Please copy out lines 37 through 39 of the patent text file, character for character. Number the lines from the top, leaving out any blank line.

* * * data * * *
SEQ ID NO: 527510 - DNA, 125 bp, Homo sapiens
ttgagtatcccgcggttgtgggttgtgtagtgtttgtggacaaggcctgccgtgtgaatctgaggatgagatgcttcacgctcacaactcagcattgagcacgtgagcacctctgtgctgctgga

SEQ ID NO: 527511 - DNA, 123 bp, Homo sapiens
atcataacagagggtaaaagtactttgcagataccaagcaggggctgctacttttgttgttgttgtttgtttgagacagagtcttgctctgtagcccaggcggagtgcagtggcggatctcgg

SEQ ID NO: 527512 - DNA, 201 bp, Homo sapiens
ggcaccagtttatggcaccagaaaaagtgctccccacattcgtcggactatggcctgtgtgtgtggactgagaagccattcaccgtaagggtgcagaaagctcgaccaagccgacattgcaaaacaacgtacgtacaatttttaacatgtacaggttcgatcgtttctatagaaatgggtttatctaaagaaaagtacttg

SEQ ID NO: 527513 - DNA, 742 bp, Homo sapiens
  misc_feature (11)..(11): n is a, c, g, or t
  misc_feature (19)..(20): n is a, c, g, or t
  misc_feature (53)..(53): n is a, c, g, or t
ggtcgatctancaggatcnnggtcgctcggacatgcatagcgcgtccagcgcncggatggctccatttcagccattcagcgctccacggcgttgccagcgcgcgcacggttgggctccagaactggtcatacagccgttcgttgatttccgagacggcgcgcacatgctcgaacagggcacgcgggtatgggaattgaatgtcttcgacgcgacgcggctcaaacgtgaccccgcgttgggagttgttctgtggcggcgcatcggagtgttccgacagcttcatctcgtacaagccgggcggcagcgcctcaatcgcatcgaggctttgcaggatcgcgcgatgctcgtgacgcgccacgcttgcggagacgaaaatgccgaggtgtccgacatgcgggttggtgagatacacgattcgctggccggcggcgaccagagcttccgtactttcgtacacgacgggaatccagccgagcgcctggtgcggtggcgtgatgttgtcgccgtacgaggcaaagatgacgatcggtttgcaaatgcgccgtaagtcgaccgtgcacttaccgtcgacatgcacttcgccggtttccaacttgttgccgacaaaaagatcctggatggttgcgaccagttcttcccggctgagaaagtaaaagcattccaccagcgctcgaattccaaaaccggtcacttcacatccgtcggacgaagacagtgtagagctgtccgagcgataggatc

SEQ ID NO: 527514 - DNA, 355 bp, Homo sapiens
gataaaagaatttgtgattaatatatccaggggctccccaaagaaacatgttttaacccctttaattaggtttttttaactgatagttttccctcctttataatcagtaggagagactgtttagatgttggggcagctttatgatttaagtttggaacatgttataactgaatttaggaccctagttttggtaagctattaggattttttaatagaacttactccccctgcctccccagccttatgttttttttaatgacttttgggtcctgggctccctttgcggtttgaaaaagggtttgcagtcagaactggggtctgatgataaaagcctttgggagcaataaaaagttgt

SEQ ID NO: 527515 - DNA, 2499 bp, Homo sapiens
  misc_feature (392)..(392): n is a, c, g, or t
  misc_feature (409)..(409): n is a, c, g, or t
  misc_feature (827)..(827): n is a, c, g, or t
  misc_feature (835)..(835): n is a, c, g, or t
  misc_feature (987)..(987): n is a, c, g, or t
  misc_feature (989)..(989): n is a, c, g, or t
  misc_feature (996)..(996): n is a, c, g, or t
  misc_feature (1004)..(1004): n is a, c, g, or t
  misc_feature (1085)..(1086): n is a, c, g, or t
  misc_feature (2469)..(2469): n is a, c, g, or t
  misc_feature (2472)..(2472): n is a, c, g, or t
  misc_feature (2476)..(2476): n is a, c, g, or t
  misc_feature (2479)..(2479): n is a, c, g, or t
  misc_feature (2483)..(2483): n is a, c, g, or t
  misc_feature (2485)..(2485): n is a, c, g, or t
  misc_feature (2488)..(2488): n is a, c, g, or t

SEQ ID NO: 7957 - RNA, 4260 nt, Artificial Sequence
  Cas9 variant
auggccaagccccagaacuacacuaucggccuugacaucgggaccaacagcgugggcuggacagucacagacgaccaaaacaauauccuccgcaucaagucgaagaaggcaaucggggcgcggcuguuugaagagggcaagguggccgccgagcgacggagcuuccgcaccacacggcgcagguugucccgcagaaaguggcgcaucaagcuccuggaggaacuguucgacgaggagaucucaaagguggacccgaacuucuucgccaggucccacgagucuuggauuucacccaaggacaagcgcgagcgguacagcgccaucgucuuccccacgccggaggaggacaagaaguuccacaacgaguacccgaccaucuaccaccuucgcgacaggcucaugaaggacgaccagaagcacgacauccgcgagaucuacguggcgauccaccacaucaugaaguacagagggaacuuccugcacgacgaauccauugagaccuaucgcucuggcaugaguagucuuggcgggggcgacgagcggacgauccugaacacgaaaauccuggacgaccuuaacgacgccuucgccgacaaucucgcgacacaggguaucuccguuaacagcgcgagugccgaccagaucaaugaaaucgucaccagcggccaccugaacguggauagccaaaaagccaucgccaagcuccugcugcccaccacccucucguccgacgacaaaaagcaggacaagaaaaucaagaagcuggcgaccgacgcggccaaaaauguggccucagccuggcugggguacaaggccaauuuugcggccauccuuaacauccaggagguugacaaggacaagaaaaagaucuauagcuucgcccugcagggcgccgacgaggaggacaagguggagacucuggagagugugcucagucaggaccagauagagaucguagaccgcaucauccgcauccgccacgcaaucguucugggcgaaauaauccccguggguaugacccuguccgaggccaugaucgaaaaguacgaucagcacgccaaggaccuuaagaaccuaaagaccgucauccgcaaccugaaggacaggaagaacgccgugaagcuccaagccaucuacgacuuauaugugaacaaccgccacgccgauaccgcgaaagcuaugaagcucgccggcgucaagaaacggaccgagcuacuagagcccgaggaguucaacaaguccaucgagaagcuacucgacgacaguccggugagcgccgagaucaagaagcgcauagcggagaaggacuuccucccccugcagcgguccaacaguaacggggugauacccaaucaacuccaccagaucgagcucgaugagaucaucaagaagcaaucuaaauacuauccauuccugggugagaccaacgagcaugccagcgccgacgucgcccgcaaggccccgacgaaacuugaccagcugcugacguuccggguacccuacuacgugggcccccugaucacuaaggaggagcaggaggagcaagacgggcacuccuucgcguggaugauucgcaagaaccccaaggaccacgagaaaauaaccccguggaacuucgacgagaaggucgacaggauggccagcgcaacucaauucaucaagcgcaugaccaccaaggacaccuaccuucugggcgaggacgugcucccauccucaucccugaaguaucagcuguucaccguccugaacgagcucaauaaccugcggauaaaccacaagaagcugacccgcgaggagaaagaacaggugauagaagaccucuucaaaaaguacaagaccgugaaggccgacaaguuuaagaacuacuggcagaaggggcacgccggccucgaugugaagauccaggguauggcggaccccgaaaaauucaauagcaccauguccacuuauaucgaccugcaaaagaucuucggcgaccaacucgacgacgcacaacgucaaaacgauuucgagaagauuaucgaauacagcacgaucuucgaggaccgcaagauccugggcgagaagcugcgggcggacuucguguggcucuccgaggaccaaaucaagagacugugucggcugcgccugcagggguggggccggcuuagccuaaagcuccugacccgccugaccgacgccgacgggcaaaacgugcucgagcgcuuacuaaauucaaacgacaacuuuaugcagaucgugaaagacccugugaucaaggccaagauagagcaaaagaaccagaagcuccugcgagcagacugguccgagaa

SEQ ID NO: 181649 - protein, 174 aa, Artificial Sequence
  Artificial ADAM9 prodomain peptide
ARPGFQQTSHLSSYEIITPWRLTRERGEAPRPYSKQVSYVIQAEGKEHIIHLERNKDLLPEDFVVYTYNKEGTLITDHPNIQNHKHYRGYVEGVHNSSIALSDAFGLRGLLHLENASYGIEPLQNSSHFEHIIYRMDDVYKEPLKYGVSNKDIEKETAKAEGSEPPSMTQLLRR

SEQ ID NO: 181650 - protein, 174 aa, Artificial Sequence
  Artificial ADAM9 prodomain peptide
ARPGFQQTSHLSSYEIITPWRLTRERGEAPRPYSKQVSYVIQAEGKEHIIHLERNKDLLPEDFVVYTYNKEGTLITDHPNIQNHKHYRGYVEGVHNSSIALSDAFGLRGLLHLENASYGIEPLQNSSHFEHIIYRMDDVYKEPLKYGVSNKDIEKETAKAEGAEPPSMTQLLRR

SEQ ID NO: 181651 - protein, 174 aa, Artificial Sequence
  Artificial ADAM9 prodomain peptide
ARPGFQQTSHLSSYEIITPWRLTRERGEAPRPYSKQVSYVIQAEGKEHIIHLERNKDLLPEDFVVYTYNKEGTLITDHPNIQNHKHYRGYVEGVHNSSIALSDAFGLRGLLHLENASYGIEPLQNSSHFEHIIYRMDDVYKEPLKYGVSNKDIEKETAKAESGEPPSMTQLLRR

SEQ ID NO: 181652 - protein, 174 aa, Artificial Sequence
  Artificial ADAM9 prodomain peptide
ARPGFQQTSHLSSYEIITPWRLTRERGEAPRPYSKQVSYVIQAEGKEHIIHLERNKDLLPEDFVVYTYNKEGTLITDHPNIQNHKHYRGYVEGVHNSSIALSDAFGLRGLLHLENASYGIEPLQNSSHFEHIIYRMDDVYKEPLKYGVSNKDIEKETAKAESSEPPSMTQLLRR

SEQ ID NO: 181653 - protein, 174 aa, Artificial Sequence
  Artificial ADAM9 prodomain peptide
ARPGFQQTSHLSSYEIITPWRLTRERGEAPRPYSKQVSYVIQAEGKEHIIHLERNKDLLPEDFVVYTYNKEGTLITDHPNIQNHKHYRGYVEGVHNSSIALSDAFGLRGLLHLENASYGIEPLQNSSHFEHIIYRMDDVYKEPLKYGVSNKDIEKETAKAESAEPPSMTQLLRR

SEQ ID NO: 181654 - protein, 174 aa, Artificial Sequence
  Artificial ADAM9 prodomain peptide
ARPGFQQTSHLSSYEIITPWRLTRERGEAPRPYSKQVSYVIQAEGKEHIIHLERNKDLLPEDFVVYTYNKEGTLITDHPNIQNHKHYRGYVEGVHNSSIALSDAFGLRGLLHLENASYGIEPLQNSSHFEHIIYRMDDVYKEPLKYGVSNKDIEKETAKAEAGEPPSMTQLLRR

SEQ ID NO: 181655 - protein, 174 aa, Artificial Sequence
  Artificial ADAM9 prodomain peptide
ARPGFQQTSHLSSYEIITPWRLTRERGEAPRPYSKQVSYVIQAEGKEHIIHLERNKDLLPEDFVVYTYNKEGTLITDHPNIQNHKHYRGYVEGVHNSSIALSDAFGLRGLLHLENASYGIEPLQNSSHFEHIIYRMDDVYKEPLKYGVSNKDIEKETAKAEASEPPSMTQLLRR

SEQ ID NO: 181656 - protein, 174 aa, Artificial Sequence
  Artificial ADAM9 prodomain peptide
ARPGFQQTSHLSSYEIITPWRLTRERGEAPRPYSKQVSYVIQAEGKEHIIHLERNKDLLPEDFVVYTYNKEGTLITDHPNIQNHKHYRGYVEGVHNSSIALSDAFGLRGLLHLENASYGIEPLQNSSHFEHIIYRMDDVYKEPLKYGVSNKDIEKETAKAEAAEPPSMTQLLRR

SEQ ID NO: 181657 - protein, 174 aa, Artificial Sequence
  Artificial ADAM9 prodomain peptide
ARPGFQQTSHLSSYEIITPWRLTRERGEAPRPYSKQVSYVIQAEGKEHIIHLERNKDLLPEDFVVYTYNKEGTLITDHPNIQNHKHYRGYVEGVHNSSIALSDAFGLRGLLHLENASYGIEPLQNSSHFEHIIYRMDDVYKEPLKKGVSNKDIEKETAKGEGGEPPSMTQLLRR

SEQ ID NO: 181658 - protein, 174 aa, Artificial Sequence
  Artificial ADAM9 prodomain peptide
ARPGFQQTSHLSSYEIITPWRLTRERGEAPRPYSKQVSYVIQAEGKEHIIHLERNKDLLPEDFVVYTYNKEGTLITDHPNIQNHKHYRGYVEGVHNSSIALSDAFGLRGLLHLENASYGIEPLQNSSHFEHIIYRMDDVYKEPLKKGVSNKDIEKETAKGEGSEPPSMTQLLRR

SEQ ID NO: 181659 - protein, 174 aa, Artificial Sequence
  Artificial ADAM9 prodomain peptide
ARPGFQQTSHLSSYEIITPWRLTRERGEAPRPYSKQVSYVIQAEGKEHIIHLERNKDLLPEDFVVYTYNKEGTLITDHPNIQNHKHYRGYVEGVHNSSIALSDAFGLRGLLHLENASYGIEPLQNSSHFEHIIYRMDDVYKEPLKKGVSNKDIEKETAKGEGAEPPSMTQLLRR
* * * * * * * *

SEQ ID NO: 181650 - protein, 174 aa, Artificial Sequence
  Artificial ADAM9 prodomain peptide
ARPGFQQTSHLSSYEIITPWRLTRERGEAPRPYSKQVSYVIQAEGKEHIIHLERNKDLLPEDFVVYTYNKEGTLITDHPNIQNHKHYRGYVEGVHNSSIALSDAFGLRGLLHLENASYGIEPLQNSSHFEHIIYRMDDVYKEPLKYGVSNKDIEKETAKAEGAEPPSMTQLLRR